An expulsion (removal from school for 365 calendar days) may only be imposed by a local school board. The student must be told of the charges against him or her. If the student denies them, he or she is given an explanation of the facts as known to the school and an opportunity to present his or her version of what occurred.  The parent (and child) must be noticed in writing of the proposed expulsion, the reasons the expulsion is being proposed, and of the right to a hearing before the school board or a sub-committee of the school board, depending on local policy. If the student is expelled, the parent is sent a written notification of the length of the expulsion and information on the availability of community-based educational, training, and intervention programs. The notice must state whether the student is eligible to return to regular school or to attend an approved alternative education program or an adult education program offered during or after the period of expulsion. The student may apply for readmission to be effective one calendar year from the date of his or her expulsion. For more information, see A Parent’s Guide To Understanding Student Discipline Policies and Practices In Virginia Schools.

Expulsions
  2015-20162016-20172017-2018
Subgroup % Population% Expulsions% Population% Expulsions% Population% Expulsions
American Indian1.0470.4720.469
Asian4.7124.4093.912
Black12.21610.0799.233
Hispanic52.7056062.598
Native Hawaiian0.4720.469
White24.43319.68518.466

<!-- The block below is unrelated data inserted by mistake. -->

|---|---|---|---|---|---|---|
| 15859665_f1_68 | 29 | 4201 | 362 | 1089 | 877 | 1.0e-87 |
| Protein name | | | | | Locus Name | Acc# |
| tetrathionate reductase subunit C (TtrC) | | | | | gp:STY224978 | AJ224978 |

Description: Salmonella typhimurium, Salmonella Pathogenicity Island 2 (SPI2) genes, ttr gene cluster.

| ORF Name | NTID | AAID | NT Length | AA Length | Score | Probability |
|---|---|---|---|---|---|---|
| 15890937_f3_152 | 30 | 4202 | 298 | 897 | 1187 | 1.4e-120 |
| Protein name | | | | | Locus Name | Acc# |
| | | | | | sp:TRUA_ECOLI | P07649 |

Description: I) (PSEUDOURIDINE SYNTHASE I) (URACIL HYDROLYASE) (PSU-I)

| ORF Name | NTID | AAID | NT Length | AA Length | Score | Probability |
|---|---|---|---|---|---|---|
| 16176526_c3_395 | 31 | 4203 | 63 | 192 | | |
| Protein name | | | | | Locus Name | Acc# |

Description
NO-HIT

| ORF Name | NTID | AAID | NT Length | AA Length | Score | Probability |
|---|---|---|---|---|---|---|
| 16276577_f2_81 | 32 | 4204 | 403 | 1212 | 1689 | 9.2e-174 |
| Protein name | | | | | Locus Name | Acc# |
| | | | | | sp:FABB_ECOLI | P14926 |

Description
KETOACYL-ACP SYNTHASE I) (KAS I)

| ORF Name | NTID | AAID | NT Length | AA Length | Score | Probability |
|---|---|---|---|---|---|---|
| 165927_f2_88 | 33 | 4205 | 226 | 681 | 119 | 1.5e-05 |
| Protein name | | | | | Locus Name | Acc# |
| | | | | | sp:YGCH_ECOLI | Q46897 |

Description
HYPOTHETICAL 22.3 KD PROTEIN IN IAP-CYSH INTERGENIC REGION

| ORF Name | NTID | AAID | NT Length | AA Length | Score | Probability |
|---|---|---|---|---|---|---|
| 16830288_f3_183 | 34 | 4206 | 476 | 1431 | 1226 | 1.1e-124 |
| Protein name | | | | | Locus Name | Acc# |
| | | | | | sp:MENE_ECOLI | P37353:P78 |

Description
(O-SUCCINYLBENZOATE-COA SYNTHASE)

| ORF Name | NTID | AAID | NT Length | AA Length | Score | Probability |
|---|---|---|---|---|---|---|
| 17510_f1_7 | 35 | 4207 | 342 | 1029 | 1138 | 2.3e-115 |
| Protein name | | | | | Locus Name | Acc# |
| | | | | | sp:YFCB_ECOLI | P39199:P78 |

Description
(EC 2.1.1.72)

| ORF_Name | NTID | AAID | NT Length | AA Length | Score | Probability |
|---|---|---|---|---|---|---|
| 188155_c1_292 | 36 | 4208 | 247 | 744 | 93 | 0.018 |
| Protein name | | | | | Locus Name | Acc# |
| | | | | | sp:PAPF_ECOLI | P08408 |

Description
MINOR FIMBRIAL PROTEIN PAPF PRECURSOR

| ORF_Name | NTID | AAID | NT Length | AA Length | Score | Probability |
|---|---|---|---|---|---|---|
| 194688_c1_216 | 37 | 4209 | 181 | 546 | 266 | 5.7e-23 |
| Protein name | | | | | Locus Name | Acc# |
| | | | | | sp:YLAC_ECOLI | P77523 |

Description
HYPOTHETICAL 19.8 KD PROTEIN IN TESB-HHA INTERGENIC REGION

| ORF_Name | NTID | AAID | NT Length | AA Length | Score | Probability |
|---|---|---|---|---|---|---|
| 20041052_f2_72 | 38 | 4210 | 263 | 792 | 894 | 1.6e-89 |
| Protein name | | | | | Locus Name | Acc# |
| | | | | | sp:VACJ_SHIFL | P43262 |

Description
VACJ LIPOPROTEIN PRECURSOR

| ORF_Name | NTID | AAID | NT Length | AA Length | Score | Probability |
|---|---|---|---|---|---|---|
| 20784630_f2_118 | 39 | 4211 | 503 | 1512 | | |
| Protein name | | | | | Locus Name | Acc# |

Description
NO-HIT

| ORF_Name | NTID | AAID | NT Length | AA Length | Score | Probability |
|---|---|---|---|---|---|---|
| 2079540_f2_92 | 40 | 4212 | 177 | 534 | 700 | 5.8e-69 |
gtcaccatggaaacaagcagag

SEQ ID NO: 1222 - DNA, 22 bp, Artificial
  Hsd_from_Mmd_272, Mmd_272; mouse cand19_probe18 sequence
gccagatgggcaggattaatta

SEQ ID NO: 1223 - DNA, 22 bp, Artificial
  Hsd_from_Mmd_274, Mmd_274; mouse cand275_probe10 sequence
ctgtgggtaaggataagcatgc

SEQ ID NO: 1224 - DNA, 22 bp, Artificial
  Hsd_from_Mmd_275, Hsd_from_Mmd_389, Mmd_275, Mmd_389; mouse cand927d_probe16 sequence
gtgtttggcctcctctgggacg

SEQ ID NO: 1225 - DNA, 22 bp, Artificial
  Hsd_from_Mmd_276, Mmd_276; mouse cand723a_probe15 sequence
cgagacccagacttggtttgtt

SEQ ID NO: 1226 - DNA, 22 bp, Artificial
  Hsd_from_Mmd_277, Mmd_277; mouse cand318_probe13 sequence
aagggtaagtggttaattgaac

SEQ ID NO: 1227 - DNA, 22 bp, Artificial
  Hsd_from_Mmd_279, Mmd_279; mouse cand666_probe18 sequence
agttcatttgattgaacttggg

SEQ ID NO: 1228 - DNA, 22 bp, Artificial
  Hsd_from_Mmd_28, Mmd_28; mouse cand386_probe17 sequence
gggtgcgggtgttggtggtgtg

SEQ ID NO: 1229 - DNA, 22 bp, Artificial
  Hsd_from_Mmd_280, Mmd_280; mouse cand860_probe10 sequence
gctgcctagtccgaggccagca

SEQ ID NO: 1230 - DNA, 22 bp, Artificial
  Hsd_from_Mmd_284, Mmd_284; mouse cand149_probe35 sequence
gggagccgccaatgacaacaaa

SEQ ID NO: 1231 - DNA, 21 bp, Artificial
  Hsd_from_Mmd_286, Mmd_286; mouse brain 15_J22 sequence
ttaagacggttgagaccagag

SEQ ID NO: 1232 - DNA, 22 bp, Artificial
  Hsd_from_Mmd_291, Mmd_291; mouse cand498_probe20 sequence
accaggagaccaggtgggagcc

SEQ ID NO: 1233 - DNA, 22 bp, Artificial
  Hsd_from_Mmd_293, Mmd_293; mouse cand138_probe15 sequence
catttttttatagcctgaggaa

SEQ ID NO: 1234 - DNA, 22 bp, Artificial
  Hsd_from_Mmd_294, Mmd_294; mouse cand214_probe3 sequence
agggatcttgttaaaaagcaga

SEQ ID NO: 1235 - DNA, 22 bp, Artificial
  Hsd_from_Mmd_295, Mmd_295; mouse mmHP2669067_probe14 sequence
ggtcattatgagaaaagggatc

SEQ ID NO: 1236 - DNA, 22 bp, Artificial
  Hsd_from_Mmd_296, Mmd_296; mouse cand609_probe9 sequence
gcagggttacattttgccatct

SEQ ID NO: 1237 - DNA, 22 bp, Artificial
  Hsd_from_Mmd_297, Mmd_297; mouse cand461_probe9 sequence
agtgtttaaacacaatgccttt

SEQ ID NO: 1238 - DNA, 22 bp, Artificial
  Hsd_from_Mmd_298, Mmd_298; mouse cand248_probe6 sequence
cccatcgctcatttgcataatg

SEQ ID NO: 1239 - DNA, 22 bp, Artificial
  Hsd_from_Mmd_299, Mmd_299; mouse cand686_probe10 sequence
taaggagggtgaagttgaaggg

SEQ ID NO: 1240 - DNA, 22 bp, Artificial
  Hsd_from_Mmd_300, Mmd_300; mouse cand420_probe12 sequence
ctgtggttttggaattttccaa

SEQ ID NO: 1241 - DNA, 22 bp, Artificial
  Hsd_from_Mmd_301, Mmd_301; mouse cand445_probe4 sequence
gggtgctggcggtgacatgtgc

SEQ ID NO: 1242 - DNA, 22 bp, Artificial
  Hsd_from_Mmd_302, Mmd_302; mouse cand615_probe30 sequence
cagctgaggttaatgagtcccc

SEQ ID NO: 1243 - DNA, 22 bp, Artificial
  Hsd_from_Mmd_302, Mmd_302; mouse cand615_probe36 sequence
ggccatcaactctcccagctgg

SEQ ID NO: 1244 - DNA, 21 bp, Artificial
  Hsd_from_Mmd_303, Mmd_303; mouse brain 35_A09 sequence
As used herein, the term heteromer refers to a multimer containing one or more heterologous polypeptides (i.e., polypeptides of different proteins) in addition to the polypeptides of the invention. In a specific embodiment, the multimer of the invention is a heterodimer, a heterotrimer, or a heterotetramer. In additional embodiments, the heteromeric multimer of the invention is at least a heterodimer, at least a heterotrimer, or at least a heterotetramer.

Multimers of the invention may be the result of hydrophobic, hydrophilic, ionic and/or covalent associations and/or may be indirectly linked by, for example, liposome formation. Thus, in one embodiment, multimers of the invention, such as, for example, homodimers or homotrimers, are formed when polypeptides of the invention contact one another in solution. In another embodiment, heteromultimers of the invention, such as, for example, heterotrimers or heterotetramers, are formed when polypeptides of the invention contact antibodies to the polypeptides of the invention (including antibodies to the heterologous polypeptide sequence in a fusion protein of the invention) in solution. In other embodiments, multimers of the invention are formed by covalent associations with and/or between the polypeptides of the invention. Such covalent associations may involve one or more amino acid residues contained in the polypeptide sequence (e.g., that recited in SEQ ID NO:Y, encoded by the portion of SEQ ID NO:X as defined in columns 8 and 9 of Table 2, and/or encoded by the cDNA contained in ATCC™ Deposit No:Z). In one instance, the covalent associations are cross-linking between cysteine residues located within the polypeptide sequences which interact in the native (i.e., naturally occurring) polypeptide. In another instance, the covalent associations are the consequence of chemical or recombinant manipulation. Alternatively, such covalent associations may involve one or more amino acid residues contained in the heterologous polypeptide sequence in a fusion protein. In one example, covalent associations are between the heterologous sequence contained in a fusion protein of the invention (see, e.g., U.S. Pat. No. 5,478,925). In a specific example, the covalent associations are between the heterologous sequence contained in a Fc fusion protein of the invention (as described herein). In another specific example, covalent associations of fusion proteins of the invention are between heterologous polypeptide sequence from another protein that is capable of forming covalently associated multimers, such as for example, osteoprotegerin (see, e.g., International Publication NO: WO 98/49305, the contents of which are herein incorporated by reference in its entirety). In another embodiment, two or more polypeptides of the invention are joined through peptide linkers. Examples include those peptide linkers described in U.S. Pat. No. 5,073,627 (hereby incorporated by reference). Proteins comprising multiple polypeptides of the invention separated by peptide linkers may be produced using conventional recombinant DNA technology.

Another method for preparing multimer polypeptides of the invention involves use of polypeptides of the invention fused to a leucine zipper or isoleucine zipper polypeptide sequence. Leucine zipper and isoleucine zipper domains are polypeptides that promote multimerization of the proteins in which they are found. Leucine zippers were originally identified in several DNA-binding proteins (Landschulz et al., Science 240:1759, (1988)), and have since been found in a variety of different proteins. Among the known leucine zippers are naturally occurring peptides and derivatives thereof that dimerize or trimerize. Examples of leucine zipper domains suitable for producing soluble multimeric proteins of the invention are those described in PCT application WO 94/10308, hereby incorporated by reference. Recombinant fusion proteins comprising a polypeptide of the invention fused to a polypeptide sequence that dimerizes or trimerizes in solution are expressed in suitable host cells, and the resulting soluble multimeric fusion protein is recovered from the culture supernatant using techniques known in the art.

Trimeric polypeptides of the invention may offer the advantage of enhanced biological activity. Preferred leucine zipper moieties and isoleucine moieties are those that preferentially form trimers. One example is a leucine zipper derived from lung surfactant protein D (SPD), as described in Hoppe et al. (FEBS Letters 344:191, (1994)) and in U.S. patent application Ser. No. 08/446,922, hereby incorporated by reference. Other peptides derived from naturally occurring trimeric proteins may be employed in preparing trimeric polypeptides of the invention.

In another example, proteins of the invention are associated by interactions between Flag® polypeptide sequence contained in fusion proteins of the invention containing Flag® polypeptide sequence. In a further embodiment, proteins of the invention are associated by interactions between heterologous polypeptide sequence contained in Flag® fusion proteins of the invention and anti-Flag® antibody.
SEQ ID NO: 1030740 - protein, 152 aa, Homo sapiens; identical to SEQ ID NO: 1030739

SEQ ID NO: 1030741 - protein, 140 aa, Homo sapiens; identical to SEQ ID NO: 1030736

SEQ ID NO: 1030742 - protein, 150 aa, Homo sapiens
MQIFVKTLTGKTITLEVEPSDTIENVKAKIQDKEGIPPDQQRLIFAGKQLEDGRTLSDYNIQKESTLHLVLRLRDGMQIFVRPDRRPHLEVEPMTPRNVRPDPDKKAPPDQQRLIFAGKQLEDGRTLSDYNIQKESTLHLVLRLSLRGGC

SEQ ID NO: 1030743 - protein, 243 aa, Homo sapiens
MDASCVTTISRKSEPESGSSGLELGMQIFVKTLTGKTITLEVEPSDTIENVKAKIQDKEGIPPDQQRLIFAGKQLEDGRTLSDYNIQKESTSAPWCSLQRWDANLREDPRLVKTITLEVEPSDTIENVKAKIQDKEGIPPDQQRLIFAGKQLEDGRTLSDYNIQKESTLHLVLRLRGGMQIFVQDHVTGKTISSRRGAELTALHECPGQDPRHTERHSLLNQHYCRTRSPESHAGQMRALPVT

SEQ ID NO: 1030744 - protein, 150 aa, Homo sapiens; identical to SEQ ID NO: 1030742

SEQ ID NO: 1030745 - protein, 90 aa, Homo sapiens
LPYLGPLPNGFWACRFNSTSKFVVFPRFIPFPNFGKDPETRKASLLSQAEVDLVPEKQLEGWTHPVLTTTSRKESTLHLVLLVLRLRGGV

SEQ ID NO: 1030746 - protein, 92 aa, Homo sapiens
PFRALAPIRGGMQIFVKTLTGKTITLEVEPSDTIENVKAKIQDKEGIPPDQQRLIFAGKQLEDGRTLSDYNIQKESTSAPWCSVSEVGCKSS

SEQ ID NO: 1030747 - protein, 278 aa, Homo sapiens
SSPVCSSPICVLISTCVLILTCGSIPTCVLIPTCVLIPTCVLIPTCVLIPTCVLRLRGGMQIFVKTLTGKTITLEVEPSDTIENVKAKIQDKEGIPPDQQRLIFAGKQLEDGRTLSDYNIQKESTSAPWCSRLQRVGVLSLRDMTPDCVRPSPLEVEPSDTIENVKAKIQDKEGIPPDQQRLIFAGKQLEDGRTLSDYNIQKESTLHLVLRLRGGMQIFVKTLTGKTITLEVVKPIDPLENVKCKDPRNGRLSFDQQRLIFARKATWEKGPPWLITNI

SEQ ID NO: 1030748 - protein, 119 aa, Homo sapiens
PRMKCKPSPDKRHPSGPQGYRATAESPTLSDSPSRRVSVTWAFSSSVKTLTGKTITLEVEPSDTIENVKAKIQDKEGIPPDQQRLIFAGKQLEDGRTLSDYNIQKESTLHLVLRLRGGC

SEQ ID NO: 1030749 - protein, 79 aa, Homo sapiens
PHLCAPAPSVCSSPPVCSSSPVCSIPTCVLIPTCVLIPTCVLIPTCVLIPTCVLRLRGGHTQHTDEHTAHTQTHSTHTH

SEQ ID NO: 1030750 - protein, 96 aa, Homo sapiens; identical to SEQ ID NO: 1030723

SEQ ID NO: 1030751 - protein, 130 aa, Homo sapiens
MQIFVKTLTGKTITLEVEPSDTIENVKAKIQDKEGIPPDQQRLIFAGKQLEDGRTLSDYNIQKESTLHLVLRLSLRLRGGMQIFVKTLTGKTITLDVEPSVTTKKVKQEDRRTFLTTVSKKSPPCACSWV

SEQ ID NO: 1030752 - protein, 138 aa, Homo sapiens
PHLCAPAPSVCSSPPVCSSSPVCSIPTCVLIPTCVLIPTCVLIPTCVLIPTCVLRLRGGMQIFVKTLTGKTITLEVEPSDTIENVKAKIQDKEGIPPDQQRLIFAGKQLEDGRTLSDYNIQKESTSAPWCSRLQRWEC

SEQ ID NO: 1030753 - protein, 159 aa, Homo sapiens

Two or more races4.8874.8824.851
LEGEND < = A group below state definition for personally identifiable results
- = No data for group
* = Data not yet available
Unduplicated = Students are able to be in two gap groups

Free and Reduced Meal Eligibility

Free and Reduced Meal Eligibility:

School divisions that choose to take part in the National School Lunch Program get cash subsidies and donated commodities from the U.S. Department of Agriculture for each meal they serve. In return, they must serve lunches that meet Federal requirements, and they must offer free or reduced-price lunches to eligible children. The School Breakfast Program operates by supporting breakfasts in the same manner as the National School Lunch Program.

 

At the beginning of each school year, letters and meal applications are distributed to households of children attending school. This letter informs households that school nutrition programs are available and that free and reduced-price meals are available based on income criteria. Applications have been eliminated totally in divisions that implement the community eligibility provision for all schools within the division.

Children from families with incomes at or below 130 percent of the poverty level are eligible for free meals. Those between 130 percent and 185 percent of the poverty level are eligible for reduced-price meals, for which students can be charged no more than 40 cents for lunch and 30 cents for breakfast. All other students pay the full price for meals.

See the Virginia Department of Education website for more information about school nutrition programs.

Free and Reduced Meal Eligibility
  2014-20152015-20162016-2017
  PercentagePercentagePercentage
All Students 52.8753.7757.12
LEGEND < = A group below state definition for personally identifiable results
- = No data for group
* = Data not yet available
Unduplicated = Students are able to be in two gap groups

Free and Reduced Breakfast Participation of Eligible Students

Free and Reduced Breakfast Participation of Eligible Students :

The above pie graph displays the average daily percentage of students eligible for free or reduced-price meals who participated in the U.S. Department of Agriculture School Breakfast Program. The School Breakfast Program is a federally assisted meal program that provides nutritious breakfast meals to students. The Virginia Department of Education administers the program at the state level and school divisions administer the program at the local level.